I slunk into my chair and for the rest of the hour just twiddled my thumbs. The professor didn’t pull me up for my distracted behaviour. At the end of the hour, I was still lost in my own thought. I lived at home. It had a roof, a few walls and warmth. For the most part. It kept me safe from cold and rains.

But I was homesick.

I read about home and imagined it in ways like it didn’t exist. Not like mansion like in the fairy tales or the ones filled with hope. Just this one didn’t meet my expectations and I longed to go to places or be places where this sickness in my gut vanished. Even momentarily. I travelled in this hope. To other towns, villages, beaches, mountains and no woman or man’s land. Constantly searching for a glimpse of home.

Have I missed it somewhere here? In the arrogance of home being anywhere but here?

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Do all stories start and end like this? Not the ones about love.  No, not even heartbreak. The others: the lustful one; the post traumatic stress one; the serendipity one; the vengeful one. Are there more? Oh yes, the ones yet to come. Will they begin with the sound of a bell and halt with a screech?

In similar sounding ways? Hiding behind metaphors or devour me whole?

There were no doorways or sneak peeks to the other stories. Perhaps, they too will reverberate with sights, sounds, smells and emotions of the past giving the illusion that it was all the same.

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I walk through this small settlement(?) everyday, both on my way to and back from work. It is a narrow lane with houses on either side. Initially, I was reluctant to walk through. But it was the shortest route to work and I was a bit lazy. After having walked through it for a period of 10 months it feels less invasive and more warm. During the morning time, the path was full of activity; the air smelt of cow dung. I have only a handful times spotted the men. Even then it is usually smoking at one of the ends of the settlement. The women were all out rushing either to fill water on water days or washing clothes or vessels or putting the moggu outside their home before they head out. These mundane tasks often performed in private were done by these women in the midst of the people passing through. They offered everyone who locked eyes with them a smile and went about their business. These women unknowingly broke many of my stereotypes about tasks that must preferably be performed indoors. They didn’t intend to; I didn’t know I had them. But by making me uncomfortable and occupying that space with such grace and dignity, I realised the biases I held.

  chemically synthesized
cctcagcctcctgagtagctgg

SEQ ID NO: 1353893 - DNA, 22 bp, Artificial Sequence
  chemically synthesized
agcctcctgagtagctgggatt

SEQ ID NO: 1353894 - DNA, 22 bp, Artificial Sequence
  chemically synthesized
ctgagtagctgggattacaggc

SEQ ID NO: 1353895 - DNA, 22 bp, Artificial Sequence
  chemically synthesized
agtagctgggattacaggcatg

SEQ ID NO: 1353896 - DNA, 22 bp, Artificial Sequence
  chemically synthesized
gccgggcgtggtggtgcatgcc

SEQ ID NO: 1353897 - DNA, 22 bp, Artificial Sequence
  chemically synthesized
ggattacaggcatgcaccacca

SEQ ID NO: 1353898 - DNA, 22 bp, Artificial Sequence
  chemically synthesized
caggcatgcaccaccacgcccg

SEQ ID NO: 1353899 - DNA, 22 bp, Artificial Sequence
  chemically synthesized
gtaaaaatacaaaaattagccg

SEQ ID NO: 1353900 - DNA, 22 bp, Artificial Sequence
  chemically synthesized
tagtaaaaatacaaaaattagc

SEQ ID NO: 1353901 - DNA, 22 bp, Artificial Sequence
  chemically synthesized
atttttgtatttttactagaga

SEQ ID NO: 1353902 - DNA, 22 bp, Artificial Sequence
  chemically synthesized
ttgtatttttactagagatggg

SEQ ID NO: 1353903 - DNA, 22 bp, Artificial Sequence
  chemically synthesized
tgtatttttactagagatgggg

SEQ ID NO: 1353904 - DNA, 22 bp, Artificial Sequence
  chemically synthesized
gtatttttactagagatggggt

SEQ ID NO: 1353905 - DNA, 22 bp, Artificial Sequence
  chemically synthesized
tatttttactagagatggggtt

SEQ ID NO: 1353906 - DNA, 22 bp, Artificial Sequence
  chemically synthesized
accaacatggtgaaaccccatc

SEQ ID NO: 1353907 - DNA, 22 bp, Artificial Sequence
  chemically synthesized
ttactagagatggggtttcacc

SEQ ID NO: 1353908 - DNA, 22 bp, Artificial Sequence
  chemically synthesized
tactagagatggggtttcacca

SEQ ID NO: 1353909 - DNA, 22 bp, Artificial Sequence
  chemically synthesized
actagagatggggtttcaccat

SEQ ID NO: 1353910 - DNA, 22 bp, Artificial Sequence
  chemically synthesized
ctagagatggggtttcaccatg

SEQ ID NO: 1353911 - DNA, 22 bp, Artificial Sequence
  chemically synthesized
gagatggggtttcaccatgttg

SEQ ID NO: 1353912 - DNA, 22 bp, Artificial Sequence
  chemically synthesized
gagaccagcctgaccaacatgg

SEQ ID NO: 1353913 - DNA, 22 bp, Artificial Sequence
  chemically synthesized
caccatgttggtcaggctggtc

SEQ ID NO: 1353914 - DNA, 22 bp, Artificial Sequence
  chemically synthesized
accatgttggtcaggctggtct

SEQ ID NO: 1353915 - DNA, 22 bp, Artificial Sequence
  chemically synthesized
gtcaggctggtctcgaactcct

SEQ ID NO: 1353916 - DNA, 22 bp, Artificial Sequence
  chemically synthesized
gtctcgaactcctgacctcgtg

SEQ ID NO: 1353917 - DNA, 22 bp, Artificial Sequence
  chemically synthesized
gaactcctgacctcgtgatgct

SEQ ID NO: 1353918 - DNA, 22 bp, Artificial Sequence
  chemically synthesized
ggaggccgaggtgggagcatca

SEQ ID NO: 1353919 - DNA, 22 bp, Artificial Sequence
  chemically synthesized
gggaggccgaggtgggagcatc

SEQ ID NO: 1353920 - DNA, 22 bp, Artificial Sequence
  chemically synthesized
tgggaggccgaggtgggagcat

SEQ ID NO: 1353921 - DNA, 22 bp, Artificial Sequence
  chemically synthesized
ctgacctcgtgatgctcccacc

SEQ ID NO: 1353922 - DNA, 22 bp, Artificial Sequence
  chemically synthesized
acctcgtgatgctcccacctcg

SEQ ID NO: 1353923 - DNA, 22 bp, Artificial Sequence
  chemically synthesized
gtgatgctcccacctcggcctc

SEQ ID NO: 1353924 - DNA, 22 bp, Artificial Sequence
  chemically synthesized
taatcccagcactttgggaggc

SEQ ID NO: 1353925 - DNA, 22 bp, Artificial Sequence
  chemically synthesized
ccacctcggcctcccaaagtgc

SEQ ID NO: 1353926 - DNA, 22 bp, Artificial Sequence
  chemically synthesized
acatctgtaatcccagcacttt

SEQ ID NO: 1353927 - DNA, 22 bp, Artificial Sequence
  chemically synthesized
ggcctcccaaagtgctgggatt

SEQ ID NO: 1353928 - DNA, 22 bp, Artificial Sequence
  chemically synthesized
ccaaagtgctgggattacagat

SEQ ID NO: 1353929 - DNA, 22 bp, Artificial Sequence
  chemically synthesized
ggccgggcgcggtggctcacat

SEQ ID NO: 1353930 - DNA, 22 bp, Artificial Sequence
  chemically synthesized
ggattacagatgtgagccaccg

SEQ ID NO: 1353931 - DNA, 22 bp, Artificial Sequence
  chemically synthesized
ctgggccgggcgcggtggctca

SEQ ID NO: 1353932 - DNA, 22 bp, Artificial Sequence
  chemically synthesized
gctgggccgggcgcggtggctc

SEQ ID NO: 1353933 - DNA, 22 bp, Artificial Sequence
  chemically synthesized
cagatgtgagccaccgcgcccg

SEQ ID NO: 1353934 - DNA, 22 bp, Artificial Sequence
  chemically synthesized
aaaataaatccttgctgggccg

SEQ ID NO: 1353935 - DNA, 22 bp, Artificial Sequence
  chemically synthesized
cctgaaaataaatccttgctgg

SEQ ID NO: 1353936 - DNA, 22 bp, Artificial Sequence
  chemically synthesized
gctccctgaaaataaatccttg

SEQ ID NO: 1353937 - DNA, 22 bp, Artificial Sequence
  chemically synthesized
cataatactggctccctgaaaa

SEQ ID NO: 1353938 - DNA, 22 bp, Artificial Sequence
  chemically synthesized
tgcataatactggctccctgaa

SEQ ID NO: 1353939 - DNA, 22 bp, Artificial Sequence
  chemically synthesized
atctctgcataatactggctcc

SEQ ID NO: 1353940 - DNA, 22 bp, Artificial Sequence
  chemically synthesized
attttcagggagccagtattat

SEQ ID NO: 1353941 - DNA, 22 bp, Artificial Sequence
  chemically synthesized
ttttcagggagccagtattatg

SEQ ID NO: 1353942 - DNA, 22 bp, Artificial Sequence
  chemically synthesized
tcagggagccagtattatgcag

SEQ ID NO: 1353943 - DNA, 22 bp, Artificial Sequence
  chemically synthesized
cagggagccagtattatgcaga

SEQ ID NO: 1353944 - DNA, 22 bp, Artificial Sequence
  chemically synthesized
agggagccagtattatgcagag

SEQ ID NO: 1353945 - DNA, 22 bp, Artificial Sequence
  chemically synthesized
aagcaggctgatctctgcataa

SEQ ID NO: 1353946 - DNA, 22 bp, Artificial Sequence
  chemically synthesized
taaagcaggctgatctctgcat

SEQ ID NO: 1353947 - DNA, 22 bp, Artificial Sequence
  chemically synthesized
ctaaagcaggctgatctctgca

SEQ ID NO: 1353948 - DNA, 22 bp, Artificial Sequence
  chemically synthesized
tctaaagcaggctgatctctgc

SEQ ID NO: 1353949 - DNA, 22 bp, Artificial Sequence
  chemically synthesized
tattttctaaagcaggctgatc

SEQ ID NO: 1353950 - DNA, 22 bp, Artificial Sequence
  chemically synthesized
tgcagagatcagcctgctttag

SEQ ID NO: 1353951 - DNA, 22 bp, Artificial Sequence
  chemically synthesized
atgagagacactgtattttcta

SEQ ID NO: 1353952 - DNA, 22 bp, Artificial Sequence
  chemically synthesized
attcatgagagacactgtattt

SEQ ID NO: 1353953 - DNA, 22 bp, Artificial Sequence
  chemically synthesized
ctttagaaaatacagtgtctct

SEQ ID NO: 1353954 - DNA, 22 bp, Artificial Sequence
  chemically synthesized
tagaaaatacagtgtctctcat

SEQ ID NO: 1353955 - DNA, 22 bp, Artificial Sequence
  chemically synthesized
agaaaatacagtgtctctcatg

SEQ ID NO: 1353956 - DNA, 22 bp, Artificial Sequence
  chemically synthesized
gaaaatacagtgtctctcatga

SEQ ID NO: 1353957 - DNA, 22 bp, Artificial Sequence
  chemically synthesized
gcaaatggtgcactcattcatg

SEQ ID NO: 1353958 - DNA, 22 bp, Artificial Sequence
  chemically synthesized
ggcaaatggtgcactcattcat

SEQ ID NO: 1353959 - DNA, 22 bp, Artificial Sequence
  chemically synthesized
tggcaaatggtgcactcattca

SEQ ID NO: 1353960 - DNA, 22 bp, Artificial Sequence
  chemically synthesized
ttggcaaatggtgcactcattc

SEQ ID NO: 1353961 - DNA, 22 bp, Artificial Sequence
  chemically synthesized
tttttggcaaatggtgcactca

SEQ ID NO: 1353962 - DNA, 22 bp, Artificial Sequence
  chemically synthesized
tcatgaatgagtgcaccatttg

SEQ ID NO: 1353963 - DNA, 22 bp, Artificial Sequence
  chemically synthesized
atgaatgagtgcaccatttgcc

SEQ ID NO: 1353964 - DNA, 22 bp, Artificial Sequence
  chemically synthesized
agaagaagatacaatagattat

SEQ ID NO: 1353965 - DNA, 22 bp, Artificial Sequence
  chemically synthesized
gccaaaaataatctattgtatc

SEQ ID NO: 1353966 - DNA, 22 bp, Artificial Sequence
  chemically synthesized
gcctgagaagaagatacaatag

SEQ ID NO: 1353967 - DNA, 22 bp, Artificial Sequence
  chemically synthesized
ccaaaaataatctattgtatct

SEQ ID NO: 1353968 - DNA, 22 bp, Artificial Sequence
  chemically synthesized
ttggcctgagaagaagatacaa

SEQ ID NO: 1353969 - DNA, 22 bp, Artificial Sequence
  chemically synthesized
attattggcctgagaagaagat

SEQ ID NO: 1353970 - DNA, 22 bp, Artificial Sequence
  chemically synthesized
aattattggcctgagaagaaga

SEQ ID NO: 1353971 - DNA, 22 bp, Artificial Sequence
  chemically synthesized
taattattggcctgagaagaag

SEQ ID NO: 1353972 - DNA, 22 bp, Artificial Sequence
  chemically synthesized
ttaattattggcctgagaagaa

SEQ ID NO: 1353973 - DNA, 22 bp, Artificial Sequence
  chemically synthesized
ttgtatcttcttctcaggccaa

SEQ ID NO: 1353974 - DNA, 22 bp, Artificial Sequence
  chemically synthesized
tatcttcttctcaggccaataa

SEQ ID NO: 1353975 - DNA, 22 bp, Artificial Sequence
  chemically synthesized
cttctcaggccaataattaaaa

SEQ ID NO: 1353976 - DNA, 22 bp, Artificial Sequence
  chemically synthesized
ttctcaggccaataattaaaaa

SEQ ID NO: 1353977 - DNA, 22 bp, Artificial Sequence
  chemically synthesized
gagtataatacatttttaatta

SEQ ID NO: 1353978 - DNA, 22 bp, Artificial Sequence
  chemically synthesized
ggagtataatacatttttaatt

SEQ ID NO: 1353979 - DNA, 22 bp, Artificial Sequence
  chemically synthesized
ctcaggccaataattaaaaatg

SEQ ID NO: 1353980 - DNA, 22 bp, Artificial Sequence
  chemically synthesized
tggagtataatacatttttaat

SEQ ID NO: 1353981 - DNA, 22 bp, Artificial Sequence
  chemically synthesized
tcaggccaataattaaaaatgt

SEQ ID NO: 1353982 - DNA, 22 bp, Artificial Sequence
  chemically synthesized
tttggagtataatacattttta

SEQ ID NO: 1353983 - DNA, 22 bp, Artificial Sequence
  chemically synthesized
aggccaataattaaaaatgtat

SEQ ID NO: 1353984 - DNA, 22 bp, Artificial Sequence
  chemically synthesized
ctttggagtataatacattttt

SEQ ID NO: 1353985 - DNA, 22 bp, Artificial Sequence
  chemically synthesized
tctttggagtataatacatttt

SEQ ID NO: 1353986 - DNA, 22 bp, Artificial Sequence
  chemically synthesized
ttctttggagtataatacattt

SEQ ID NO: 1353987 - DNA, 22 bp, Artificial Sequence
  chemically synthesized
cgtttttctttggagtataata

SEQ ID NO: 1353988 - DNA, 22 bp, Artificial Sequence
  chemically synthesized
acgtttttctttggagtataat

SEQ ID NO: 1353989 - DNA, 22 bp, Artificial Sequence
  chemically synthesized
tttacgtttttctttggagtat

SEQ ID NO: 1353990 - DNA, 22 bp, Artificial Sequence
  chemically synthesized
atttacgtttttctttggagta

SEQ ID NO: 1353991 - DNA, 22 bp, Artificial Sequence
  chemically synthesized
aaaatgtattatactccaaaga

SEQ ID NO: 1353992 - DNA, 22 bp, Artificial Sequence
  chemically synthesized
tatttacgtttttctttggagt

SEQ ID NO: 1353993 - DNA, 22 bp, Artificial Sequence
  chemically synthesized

The settlement, though, transformed in the evening. A quiet place with a few kids playing and surprisingly, the smell of Maggi. The kids always looked at me and smiled the biggest of smiles. It sent warmth gushing through me.

I can’t travel to and fro from work in any other way, now. I needed those smiles. The ones of the women in the morning and the kids in the evening.

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Watching the sun rise or set in the water. Finding a really old version of a book I was looking for. Reaching the bus stop and getting an empty bus immediately. Travelling alone to enjoy the voices in my head. Writing. Baking a cake for someone I love. Reading a book and forgetting the bad day I was having. Finding a song that says everything on my mind. Sitting with someone and reading in silence. Going for a swim. Drinking endless cups of coffee. Talking about negotiating and challenging my comfort zones with select few. Waking up with the gentle licks of the dog. Cooking myself a delicious meal. Sitting on the terrace and watching the planes fly by. Magically meeting every deadline at work. Getting published. Being followed by a random dog on the street that stops after being petted. Finding an old letter that is filled with love. Sharing a private moment in a public place. The thrill of watching my favourite episode of my favourite television serial with my favourite person. Getting books as a default present from anyone who knows me even a little. Boisterously laughing without a care in the world. Drinking for the joy of drinking.

These are a few of my favourite things.


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I wanted to say so much. Yet I said so little. My tears flowed instead. I told myself I wouldn’t cry. Anymore. But I did.

‘Starting over? Again?’

‘How do you know?’

‘The tears must seem familiar to you. The first time is surprising.’

‘Fourth time around, it is reassuring. Reminds me I can still feel.’

‘That feeling leaves. Eventually, you have to deal with the change.’

She was just a stranger. A kind one who shared her learnt wisdom.

‘It has been learnt and now engrained in my memory too.’

Soon, that would be a memory too.